A carbon dioxide-dependent small-colony variant of Escherichia coli SH4888 was isolated from blood cultures of a patient with cholangitis. To date, little is known regarding the molecular mechanisms leading to formation of carbon dioxide-dependent phenotypes in clinical isolates, but abnormalities in the carbonic anhydrase are thought to cause carbon dioxide autotrophy. In this study DNA sequence analysis of the carbonic anhydrase-encoding can locus in the carbon dioxide-dependent E. coli SH4888 revealed that the isolate had a 325-bp deletion spanning from the 3′-terminal region of can to the 3′-terminal region of hpt, which encodes a hypoxanthine phosphoribosyltransferase. To confirm that the carbon dioxide-dependent SCV phenotype of E. coli SH4888 was due to the can mutation, we performed a complementation test with a plasmid carrying an intact can that restored the normal phenotype. However, E. coli SH4888 had increased virulence compared to the can-complemented E. coli SH4888 in a murine infection model. In conclusion, these data confirm that impaired carbonic anhydrase function can cause a carbon dioxide-dependent SCV phenotype in E. coli SH4888 and provides a fitness advantage in terms of infection.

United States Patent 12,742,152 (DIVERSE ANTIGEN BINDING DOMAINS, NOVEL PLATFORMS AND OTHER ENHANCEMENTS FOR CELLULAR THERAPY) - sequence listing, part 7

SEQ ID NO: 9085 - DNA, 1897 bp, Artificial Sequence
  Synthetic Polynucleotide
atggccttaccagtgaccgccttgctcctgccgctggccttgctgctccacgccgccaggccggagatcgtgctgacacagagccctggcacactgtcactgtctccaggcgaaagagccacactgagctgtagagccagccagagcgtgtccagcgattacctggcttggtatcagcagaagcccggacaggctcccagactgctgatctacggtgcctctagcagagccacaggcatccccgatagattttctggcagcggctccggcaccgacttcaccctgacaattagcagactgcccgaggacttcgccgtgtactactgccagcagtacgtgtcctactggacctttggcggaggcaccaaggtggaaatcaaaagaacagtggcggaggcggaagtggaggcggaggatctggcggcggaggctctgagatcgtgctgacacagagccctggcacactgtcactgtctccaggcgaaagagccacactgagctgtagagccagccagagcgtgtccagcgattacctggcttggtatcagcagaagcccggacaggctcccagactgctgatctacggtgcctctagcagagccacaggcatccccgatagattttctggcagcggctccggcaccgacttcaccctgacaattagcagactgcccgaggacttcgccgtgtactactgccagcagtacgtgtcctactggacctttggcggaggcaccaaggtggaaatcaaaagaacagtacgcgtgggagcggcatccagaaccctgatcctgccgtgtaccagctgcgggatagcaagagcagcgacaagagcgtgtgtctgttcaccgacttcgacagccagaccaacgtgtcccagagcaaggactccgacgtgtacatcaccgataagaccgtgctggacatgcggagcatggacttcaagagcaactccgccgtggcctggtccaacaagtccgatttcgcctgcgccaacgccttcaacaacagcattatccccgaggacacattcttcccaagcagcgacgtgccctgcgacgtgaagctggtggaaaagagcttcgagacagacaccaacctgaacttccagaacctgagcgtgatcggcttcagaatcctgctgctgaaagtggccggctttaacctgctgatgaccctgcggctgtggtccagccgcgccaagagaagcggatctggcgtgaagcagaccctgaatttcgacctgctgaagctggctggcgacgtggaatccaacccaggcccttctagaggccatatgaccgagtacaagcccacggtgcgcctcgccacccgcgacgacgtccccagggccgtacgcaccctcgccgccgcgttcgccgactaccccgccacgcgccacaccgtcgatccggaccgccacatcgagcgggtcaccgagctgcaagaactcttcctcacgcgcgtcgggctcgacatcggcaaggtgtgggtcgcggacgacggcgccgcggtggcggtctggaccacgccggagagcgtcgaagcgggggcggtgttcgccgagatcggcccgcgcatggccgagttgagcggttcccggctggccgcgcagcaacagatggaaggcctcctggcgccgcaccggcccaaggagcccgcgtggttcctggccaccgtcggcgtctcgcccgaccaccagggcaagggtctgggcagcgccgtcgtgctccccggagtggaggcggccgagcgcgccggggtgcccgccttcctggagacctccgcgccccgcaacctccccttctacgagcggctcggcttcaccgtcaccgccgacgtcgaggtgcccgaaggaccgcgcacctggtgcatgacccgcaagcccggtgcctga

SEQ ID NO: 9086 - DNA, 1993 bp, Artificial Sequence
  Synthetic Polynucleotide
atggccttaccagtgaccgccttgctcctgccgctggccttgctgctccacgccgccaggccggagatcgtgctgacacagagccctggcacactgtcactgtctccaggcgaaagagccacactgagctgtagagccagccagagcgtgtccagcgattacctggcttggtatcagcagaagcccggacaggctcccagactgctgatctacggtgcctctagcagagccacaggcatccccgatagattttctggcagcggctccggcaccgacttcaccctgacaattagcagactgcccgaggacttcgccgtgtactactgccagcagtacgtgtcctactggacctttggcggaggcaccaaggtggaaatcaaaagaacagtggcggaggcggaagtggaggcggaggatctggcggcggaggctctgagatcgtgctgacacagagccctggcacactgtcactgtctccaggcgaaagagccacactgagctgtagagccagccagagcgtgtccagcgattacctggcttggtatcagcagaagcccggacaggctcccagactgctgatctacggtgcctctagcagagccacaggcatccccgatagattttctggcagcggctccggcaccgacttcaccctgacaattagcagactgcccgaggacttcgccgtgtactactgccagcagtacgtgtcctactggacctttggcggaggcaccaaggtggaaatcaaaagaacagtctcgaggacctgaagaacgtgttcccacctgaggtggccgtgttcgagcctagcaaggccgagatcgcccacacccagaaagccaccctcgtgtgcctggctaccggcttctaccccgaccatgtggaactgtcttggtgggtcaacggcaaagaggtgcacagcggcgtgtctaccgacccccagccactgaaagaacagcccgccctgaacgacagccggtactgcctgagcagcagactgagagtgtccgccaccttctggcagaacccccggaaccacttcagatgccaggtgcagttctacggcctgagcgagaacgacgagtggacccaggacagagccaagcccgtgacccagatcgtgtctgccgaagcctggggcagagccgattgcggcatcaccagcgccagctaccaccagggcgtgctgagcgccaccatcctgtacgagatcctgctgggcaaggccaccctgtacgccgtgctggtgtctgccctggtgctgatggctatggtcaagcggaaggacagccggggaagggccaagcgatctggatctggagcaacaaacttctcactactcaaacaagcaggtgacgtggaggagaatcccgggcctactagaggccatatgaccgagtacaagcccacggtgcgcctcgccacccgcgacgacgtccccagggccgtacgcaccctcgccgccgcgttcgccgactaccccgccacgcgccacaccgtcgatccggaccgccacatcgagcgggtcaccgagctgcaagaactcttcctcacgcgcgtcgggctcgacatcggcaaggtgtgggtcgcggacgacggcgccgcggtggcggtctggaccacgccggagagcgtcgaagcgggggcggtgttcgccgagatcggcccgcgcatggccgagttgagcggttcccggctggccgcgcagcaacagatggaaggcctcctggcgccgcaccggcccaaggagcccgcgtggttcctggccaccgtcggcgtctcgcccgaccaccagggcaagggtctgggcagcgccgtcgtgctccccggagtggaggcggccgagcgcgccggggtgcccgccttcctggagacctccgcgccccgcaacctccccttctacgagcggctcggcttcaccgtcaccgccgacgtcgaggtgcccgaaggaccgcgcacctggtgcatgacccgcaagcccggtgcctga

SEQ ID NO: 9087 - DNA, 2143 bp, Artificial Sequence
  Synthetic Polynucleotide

All Science Journal Classification (ASJC) codes
- Microbiology (medical)
- Infectious Diseases